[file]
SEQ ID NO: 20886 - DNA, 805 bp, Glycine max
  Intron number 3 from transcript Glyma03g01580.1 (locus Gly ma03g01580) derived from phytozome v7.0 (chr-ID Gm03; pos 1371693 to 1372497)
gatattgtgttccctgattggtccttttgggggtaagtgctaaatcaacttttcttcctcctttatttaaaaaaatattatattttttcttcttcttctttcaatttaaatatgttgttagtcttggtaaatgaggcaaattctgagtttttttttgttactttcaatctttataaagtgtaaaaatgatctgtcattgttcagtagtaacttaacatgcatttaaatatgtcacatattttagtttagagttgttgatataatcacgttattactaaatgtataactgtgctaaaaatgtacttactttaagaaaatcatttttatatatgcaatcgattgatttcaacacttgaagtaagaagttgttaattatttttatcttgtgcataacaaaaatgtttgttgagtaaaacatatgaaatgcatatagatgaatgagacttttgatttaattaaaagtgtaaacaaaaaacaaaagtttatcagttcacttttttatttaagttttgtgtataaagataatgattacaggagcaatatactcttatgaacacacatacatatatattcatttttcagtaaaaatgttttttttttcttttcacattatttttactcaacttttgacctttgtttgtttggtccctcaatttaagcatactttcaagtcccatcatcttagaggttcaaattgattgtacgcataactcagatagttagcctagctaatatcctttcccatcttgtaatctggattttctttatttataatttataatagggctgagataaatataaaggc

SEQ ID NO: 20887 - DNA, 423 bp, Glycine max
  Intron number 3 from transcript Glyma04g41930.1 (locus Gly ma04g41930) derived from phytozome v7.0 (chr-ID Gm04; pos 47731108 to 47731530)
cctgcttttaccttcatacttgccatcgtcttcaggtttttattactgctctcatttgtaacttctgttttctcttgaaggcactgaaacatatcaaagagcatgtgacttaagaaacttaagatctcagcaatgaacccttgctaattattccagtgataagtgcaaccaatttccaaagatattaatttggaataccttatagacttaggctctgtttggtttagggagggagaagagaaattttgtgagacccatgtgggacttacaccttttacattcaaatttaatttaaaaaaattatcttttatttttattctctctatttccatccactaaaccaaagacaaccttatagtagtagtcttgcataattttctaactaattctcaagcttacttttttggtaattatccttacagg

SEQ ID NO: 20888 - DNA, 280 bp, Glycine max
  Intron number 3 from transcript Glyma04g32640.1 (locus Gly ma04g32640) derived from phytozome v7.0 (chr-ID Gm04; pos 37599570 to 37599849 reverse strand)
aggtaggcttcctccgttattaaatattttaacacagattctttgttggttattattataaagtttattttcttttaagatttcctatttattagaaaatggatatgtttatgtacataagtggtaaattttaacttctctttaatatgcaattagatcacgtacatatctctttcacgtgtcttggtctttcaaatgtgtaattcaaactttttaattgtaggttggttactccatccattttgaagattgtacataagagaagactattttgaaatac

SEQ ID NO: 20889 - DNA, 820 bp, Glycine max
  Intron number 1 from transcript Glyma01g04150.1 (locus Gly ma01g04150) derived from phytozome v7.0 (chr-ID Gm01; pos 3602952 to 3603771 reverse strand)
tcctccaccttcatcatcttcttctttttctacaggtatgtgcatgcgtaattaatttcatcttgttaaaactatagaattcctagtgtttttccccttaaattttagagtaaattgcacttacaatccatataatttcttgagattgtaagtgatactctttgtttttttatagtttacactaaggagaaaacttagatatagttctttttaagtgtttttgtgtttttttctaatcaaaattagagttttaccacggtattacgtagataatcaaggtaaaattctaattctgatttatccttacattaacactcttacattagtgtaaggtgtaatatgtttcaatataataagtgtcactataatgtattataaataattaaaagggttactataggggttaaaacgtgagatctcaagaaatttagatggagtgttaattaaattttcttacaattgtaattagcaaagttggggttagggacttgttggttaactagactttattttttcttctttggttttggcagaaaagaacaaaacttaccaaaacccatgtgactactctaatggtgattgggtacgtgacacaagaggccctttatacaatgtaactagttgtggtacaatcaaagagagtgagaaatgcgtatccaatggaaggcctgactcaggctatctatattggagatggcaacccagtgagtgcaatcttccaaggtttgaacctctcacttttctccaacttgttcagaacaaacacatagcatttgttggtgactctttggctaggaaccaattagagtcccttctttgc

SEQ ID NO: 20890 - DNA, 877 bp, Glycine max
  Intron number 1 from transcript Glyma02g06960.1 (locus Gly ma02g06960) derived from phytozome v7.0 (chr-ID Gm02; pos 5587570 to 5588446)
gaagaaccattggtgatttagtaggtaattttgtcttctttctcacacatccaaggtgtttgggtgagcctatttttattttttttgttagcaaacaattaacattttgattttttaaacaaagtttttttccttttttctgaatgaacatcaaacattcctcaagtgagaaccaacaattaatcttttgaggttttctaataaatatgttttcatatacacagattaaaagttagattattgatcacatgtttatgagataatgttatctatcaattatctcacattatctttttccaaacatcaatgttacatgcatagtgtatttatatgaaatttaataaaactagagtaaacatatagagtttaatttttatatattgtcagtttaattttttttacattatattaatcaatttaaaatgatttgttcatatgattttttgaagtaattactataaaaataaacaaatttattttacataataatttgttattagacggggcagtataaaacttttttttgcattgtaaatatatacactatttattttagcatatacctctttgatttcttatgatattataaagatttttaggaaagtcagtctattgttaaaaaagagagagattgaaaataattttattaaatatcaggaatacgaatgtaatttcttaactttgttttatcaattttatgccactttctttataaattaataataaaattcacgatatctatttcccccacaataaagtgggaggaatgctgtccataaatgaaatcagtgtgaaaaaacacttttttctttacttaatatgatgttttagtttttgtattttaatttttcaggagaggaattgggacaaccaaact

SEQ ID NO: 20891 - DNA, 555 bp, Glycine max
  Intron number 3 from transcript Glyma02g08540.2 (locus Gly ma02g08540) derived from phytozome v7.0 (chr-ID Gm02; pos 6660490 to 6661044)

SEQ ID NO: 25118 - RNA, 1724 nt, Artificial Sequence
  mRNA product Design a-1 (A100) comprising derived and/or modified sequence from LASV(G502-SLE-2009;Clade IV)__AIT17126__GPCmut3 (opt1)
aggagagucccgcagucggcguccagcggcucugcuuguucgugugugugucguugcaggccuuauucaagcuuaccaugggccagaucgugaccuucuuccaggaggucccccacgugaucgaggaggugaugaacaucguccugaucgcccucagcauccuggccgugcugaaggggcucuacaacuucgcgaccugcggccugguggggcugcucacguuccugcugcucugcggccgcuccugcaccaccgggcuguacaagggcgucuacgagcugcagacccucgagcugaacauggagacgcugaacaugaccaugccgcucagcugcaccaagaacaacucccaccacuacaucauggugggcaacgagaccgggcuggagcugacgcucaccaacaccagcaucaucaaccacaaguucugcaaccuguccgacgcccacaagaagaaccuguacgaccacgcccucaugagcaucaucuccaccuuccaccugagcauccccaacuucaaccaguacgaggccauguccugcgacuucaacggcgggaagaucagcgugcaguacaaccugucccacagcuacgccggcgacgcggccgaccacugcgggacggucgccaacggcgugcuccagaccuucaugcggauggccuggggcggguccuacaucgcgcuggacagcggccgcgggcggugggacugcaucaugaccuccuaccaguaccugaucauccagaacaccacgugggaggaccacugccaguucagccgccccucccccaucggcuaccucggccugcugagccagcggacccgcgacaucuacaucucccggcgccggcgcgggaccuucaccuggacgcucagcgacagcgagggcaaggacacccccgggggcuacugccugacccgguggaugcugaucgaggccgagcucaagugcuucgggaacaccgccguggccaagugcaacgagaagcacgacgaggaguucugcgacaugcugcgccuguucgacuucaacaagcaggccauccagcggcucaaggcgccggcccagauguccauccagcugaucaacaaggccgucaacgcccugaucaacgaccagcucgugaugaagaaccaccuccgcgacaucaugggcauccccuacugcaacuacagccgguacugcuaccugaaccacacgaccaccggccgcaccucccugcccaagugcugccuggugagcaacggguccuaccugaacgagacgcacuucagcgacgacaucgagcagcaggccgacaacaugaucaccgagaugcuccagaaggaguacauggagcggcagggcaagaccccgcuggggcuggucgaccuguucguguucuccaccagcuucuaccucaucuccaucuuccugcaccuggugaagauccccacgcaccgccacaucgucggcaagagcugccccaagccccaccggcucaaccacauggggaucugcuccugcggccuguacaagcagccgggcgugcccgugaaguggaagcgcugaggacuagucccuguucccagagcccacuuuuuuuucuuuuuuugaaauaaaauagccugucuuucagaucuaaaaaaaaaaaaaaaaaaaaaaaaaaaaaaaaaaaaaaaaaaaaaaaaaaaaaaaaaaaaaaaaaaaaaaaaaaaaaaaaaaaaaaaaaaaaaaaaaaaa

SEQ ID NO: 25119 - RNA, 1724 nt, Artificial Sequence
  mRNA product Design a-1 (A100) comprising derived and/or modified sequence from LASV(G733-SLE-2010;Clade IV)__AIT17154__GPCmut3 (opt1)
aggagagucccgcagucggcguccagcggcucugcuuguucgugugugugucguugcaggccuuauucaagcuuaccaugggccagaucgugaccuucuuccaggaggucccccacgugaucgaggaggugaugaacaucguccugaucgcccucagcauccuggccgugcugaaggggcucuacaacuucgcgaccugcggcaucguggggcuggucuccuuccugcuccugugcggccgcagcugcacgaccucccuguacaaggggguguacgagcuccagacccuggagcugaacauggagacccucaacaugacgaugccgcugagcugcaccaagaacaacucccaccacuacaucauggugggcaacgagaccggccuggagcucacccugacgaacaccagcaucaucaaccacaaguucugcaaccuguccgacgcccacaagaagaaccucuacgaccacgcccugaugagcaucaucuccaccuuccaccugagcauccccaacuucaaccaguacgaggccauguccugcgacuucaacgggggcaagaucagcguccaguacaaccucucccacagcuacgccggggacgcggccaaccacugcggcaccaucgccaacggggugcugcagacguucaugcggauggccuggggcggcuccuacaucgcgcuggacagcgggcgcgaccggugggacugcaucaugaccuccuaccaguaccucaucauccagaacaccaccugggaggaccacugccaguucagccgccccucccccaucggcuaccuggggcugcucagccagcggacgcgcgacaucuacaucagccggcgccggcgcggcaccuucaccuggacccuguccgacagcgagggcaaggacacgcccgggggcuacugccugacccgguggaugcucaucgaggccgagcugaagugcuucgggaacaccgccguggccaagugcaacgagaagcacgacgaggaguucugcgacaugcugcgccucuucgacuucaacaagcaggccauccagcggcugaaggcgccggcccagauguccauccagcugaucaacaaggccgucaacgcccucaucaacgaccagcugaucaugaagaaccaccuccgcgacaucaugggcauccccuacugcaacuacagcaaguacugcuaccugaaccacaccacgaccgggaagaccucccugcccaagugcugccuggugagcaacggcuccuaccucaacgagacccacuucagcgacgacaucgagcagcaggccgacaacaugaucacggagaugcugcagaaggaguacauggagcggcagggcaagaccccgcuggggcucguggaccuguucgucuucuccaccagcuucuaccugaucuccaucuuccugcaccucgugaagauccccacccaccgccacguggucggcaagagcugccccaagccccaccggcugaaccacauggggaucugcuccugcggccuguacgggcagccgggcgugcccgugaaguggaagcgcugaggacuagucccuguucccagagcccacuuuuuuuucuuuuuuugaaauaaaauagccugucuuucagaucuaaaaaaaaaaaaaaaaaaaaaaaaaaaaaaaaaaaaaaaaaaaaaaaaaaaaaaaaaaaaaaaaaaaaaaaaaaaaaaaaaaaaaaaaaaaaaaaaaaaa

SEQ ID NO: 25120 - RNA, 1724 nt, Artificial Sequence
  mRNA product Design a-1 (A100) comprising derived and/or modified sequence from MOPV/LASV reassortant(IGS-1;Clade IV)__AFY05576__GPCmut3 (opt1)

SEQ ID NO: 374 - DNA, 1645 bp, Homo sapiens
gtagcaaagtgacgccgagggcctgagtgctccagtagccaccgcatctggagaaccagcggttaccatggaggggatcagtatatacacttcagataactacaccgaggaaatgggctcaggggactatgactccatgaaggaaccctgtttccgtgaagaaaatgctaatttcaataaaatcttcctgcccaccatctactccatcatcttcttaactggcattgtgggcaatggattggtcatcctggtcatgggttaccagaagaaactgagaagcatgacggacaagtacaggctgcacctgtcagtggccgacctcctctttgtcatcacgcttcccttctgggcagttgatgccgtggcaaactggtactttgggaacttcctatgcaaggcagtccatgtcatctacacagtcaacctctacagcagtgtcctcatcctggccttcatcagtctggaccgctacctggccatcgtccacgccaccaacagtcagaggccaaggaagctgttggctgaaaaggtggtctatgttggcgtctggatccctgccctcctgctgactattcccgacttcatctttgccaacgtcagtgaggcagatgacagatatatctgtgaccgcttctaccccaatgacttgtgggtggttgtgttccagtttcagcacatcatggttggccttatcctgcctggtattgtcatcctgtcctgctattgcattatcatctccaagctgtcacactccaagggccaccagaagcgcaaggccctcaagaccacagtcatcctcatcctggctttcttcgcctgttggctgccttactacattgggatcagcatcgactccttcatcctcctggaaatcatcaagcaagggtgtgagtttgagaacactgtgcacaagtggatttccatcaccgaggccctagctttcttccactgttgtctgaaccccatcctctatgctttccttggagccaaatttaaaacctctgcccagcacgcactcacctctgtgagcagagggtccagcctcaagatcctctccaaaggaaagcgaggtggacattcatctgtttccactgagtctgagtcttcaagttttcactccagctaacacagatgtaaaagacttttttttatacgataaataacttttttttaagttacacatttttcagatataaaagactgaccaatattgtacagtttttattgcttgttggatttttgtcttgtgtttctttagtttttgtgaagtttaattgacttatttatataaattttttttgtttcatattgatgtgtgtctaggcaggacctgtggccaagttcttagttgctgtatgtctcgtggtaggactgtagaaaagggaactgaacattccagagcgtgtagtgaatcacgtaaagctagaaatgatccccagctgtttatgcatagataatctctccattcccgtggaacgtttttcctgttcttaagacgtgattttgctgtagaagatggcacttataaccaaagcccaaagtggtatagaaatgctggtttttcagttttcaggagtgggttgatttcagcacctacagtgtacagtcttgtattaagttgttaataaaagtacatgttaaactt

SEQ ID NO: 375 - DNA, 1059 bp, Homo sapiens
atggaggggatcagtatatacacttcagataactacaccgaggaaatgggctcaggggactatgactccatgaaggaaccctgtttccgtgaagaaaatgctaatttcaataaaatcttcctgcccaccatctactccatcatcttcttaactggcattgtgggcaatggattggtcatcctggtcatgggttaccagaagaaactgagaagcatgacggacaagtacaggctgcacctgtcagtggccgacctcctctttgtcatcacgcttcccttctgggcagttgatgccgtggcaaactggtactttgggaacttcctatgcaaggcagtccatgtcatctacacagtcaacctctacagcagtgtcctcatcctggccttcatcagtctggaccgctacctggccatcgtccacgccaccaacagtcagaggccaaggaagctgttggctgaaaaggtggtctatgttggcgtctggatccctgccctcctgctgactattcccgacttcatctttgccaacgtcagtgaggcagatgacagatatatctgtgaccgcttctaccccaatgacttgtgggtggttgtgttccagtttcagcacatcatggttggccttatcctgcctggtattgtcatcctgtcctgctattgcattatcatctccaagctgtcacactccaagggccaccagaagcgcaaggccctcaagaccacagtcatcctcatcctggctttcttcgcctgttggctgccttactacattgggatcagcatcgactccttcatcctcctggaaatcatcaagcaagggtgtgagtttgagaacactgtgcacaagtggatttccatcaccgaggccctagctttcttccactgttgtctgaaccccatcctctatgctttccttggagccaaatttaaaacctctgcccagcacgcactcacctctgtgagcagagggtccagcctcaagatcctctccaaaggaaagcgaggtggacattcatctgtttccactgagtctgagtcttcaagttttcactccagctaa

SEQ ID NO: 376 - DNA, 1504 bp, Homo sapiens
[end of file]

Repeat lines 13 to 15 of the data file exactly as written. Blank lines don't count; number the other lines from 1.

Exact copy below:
SEQ ID NO: 20890 - DNA, 877 bp, Glycine max
  Intron number 1 from transcript Glyma02g06960.1 (locus Gly ma02g06960) derived from phytozome v7.0 (chr-ID Gm02; pos 5587570 to 5588446)
gaagaaccattggtgatttagtaggtaattttgtcttctttctcacacatccaaggtgtttgggtgagcctatttttattttttttgttagcaaacaattaacattttgattttttaaacaaagtttttttccttttttctgaatgaacatcaaacattcctcaagtgagaaccaacaattaatcttttgaggttttctaataaatatgttttcatatacacagattaaaagttagattattgatcacatgtttatgagataatgttatctatcaattatctcacattatctttttccaaacatcaatgttacatgcatagtgtatttatatgaaatttaataaaactagagtaaacatatagagtttaatttttatatattgtcagtttaattttttttacattatattaatcaatttaaaatgatttgttcatatgattttttgaagtaattactataaaaataaacaaatttattttacataataatttgttattagacggggcagtataaaacttttttttgcattgtaaatatatacactatttattttagcatatacctctttgatttcttatgatattataaagatttttaggaaagtcagtctattgttaaaaaagagagagattgaaaataattttattaaatatcaggaatacgaatgtaatttcttaactttgttttatcaattttatgccactttctttataaattaataataaaattcacgatatctatttcccccacaataaagtgggaggaatgctgtccataaatgaaatcagtgtgaaaaaacacttttttctttacttaatatgatgttttagtttttgtattttaatttttcaggagaggaattgggacaaccaaact